201352474951-22magselfdefense_mI recently stumbled upon a rather intriguing debate on Facebook. It all started when one person bemoaned the recommendation of a .22 LR firearm as an optimal self-defense firearm, others chimed in voicing their disparagement, and one lone person challenged the status quo… Let the fireworks begin. Countless justifications and numerous resumes later and his challenge still was not answered. Nobody stepped up to dispute his facts. They  vehemently disliked his conclusion, but where were the facts on their side of the debate (other than the diameter of the bullet)? All this got me wondering… what happened to the principle of questioning everything? Are we not, as mature adults, expected to firmly know the reasons behind our choices? Why do so many in the gun community automatically (and vociferously) denigrate the .22 LR for self-defense? Have they so little confidence in their knowledge of why they choose their calibre that they get defensive at the first suggestion there might be other ways? Or are they genuinely concerned for the life of the other person and believe they are embarking in a false sense of security? Why do these civil debates turn into personal attacks? Do large calibre proponents not have a solid foundation to stand on? Is there nothing more to their arguments than calibre diameter, “stopping power,” and name calling? Why do they get so defensive?  Can we not have a rational discussion? There are logical and justifiable reasons for people to carry .22’s, 9mm’s, .40’s, etc… Can we not acknowledge that what works well for us may not work well for others?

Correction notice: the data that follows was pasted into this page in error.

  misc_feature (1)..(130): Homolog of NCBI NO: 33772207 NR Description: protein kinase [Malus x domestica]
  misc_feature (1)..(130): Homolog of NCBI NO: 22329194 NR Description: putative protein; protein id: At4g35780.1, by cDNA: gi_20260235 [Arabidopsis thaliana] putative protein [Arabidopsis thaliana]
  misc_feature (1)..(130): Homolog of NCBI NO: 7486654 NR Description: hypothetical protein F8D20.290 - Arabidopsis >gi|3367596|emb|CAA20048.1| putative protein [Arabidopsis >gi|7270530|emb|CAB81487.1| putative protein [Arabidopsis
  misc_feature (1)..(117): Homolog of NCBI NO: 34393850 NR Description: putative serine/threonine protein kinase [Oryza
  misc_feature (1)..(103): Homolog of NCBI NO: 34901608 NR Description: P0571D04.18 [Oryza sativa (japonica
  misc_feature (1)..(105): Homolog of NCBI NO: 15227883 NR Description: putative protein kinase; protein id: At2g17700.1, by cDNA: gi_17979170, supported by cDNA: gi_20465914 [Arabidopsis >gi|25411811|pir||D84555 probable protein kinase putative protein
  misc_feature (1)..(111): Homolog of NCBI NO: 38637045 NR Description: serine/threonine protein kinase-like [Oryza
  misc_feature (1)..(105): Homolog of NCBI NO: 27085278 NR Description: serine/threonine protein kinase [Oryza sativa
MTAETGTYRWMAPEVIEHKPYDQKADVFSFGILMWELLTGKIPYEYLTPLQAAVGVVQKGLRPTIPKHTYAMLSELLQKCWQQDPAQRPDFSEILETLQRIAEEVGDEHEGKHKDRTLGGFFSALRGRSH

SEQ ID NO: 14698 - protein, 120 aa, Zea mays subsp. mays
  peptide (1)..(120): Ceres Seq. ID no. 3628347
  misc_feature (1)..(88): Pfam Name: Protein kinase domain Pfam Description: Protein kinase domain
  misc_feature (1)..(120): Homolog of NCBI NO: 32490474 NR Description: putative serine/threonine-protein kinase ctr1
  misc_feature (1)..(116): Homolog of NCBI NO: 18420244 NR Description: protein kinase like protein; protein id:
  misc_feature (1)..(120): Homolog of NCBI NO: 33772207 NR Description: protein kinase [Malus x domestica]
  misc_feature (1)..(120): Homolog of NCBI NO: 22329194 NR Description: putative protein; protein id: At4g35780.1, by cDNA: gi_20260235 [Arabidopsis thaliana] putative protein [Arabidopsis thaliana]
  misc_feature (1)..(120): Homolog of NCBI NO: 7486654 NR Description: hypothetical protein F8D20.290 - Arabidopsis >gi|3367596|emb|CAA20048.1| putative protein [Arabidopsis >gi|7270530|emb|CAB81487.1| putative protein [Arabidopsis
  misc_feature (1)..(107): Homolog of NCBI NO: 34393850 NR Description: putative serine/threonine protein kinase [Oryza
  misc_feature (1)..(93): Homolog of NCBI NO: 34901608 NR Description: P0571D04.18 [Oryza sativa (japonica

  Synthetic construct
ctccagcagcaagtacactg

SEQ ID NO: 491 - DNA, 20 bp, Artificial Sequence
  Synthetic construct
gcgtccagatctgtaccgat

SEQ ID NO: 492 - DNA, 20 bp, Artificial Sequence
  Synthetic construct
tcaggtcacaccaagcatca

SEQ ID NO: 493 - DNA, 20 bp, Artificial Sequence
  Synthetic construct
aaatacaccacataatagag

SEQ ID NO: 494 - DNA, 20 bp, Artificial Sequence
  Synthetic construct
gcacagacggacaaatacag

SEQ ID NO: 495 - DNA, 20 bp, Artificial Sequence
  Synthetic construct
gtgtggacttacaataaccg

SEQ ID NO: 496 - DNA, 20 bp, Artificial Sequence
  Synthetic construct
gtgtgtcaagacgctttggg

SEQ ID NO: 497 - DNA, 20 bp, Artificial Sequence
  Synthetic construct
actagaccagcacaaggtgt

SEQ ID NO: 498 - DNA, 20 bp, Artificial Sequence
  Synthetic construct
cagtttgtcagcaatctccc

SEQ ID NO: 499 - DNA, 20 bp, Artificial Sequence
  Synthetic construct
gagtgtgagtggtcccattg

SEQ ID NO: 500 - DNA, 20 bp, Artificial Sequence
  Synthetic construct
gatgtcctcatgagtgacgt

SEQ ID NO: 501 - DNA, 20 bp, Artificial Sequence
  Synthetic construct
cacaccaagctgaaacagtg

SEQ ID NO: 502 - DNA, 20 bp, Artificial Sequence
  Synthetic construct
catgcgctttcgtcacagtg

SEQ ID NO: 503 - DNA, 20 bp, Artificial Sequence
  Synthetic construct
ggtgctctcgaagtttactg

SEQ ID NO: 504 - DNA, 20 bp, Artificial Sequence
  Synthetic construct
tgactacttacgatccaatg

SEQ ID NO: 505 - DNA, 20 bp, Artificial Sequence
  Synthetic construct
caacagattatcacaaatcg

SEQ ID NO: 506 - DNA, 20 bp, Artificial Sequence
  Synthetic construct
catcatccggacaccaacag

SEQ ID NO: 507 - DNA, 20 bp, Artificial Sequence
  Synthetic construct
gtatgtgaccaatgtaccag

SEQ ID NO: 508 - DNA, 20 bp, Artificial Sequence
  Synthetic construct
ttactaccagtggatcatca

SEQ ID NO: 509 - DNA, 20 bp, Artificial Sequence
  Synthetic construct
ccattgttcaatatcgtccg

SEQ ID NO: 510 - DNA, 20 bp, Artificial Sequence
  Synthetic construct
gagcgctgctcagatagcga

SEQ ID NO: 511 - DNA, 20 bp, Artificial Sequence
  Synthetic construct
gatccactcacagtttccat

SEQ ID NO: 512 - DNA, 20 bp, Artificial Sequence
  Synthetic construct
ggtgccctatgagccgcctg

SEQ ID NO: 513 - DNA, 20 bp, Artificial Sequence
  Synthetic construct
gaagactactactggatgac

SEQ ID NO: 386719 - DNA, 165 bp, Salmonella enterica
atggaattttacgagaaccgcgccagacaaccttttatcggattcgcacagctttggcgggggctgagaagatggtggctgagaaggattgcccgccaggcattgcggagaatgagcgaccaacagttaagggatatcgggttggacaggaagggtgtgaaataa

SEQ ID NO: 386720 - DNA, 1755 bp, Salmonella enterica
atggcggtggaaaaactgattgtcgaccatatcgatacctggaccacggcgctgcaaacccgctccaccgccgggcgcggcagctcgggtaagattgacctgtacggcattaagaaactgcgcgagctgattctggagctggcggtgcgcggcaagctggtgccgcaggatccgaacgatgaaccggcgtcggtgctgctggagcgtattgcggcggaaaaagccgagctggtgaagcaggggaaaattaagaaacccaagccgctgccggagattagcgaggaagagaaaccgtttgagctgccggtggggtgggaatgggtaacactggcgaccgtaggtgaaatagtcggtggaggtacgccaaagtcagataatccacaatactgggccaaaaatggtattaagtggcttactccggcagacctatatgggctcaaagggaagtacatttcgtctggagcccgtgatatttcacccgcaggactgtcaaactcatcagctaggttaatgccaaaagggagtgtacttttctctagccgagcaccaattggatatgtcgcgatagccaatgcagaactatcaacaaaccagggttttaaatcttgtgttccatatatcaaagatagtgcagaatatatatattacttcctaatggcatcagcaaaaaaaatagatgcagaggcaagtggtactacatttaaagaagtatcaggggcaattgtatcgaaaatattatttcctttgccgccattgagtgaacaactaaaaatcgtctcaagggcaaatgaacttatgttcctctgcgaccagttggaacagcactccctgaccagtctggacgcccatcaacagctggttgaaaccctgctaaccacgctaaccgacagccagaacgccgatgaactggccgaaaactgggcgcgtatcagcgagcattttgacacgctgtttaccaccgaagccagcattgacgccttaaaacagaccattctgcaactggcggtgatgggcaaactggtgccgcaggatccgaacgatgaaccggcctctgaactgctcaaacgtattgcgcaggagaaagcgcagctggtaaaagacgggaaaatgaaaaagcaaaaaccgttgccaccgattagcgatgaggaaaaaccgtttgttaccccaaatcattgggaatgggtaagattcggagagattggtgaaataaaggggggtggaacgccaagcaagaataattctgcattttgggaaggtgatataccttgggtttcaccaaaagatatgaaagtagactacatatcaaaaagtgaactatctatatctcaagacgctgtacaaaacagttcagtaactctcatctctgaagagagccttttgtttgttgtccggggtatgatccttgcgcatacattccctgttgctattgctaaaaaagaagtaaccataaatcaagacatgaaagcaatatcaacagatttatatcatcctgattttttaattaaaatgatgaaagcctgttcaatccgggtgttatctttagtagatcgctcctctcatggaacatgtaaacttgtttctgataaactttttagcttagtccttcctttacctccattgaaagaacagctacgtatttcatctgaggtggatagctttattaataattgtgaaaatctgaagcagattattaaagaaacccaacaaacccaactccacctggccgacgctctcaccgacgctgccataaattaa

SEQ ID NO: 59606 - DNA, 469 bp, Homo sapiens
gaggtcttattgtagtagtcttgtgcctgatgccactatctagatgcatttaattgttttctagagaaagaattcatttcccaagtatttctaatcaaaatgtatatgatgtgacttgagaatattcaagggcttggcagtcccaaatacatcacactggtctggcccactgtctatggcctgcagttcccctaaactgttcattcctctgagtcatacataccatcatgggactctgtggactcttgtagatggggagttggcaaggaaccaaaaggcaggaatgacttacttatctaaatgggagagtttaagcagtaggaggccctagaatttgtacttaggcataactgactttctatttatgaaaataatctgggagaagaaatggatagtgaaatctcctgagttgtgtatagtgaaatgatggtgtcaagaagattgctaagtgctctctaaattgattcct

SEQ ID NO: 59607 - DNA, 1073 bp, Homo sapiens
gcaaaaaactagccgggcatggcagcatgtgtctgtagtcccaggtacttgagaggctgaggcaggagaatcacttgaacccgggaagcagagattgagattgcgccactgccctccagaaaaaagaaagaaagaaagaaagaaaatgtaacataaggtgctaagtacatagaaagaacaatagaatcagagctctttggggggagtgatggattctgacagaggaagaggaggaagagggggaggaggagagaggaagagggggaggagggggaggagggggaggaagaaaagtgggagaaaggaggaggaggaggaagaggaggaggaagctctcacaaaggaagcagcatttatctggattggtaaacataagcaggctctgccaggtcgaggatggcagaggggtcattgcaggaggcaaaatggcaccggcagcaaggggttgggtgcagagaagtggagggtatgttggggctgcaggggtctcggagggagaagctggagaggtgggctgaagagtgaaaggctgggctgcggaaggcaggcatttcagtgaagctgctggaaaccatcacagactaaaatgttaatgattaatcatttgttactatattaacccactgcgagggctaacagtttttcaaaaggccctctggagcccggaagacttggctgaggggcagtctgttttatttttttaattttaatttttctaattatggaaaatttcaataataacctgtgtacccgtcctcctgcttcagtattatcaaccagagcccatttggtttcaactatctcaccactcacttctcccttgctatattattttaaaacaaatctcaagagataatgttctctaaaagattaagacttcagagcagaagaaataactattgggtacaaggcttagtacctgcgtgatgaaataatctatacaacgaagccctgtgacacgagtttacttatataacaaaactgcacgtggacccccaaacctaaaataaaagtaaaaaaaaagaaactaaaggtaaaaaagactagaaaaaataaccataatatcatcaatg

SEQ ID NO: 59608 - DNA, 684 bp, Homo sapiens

Do all calibre discussions have to devolve to this?

Do all calibre discussions have to devolve to this?

The calm questioning of the status quo stood in stark contrast to the rote reiteration of that .22 LR gun store conversation we’ve all heard. It piqued my curiosity. Was there something to his claim? Is the .22 LR a viable self-defense gun? I’ve been just as guilty as all of those on that post of unerringly maintaining the status quo and firmly discouraging .22’s as defense guns. “They don’t have the stopping power.” “The bullets are too small to do enough damage.” “They really aren’t effective as self-defense guns. etc…” I must confess, I am parroting what others have said. I never looked it up for myself. I’ve never questioned the lines. I’ve stood there, issuing statements that I personally had no knowledge of.